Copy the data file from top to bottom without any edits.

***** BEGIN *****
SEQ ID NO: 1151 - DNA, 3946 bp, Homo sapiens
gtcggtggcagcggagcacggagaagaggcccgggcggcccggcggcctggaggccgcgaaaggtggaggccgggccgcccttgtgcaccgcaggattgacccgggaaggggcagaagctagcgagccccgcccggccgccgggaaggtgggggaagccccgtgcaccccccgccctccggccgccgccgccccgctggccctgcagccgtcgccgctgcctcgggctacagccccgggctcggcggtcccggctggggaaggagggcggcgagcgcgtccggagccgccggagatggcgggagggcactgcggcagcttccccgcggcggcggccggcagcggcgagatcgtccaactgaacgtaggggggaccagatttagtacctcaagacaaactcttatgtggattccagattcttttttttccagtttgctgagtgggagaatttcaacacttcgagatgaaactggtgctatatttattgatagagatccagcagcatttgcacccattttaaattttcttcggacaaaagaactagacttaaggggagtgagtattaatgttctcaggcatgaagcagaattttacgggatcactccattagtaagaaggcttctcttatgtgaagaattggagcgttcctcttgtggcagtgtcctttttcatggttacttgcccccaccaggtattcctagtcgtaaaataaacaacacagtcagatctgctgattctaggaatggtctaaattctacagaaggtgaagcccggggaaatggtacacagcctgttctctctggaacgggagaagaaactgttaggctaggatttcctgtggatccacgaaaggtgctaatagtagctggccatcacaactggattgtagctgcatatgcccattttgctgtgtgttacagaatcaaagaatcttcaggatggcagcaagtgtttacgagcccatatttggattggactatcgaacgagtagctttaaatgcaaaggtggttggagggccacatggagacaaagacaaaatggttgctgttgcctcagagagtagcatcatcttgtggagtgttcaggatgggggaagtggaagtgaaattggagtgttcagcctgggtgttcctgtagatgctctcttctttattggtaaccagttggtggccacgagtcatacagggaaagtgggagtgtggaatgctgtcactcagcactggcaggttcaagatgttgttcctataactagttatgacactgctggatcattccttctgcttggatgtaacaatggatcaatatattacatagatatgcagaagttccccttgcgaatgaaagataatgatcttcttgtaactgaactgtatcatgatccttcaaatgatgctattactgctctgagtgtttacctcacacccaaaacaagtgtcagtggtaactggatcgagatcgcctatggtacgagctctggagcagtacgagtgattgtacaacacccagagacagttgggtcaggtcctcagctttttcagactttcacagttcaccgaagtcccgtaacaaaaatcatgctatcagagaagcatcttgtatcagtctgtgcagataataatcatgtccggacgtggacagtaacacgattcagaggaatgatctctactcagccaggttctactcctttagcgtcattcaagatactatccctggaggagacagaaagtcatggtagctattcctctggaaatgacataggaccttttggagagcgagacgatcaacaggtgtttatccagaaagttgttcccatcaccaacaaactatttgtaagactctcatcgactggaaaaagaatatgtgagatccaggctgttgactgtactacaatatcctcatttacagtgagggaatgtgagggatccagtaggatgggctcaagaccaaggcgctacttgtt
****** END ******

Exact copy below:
SEQ ID NO: 1151 - DNA, 3946 bp, Homo sapiens
gtcggtggcagcggagcacggagaagaggcccgggcggcccggcggcctggaggccgcgaaaggtggaggccgggccgcccttgtgcaccgcaggattgacccgggaaggggcagaagctagcgagccccgcccggccgccgggaaggtgggggaagccccgtgcaccccccgccctccggccgccgccgccccgctggccctgcagccgtcgccgctgcctcgggctacagccccgggctcggcggtcccggctggggaaggagggcggcgagcgcgtccggagccgccggagatggcgggagggcactgcggcagcttccccgcggcggcggccggcagcggcgagatcgtccaactgaacgtaggggggaccagatttagtacctcaagacaaactcttatgtggattccagattcttttttttccagtttgctgagtgggagaatttcaacacttcgagatgaaactggtgctatatttattgatagagatccagcagcatttgcacccattttaaattttcttcggacaaaagaactagacttaaggggagtgagtattaatgttctcaggcatgaagcagaattttacgggatcactccattagtaagaaggcttctcttatgtgaagaattggagcgttcctcttgtggcagtgtcctttttcatggttacttgcccccaccaggtattcctagtcgtaaaataaacaacacagtcagatctgctgattctaggaatggtctaaattctacagaaggtgaagcccggggaaatggtacacagcctgttctctctggaacgggagaagaaactgttaggctaggatttcctgtggatccacgaaaggtgctaatagtagctggccatcacaactggattgtagctgcatatgcccattttgctgtgtgttacagaatcaaagaatcttcaggatggcagcaagtgtttacgagcccatatttggattggactatcgaacgagtagctttaaatgcaaaggtggttggagggccacatggagacaaagacaaaatggttgctgttgcctcagagagtagcatcatcttgtggagtgttcaggatgggggaagtggaagtgaaattggagtgttcagcctgggtgttcctgtagatgctctcttctttattggtaaccagttggtggccacgagtcatacagggaaagtgggagtgtggaatgctgtcactcagcactggcaggttcaagatgttgttcctataactagttatgacactgctggatcattccttctgcttggatgtaacaatggatcaatatattacatagatatgcagaagttccccttgcgaatgaaagataatgatcttcttgtaactgaactgtatcatgatccttcaaatgatgctattactgctctgagtgtttacctcacacccaaaacaagtgtcagtggtaactggatcgagatcgcctatggtacgagctctggagcagtacgagtgattgtacaacacccagagacagttgggtcaggtcctcagctttttcagactttcacagttcaccgaagtcccgtaacaaaaatcatgctatcagagaagcatcttgtatcagtctgtgcagataataatcatgtccggacgtggacagtaacacgattcagaggaatgatctctactcagccaggttctactcctttagcgtcattcaagatactatccctggaggagacagaaagtcatggtagctattcctctggaaatgacataggaccttttggagagcgagacgatcaacaggtgtttatccagaaagttgttcccatcaccaacaaactatttgtaagactctcatcgactggaaaaagaatatgtgagatccaggctgttgactgtactacaatatcctcatttacagtgagggaatgtgagggatccagtaggatgggctcaagaccaaggcgctacttgtt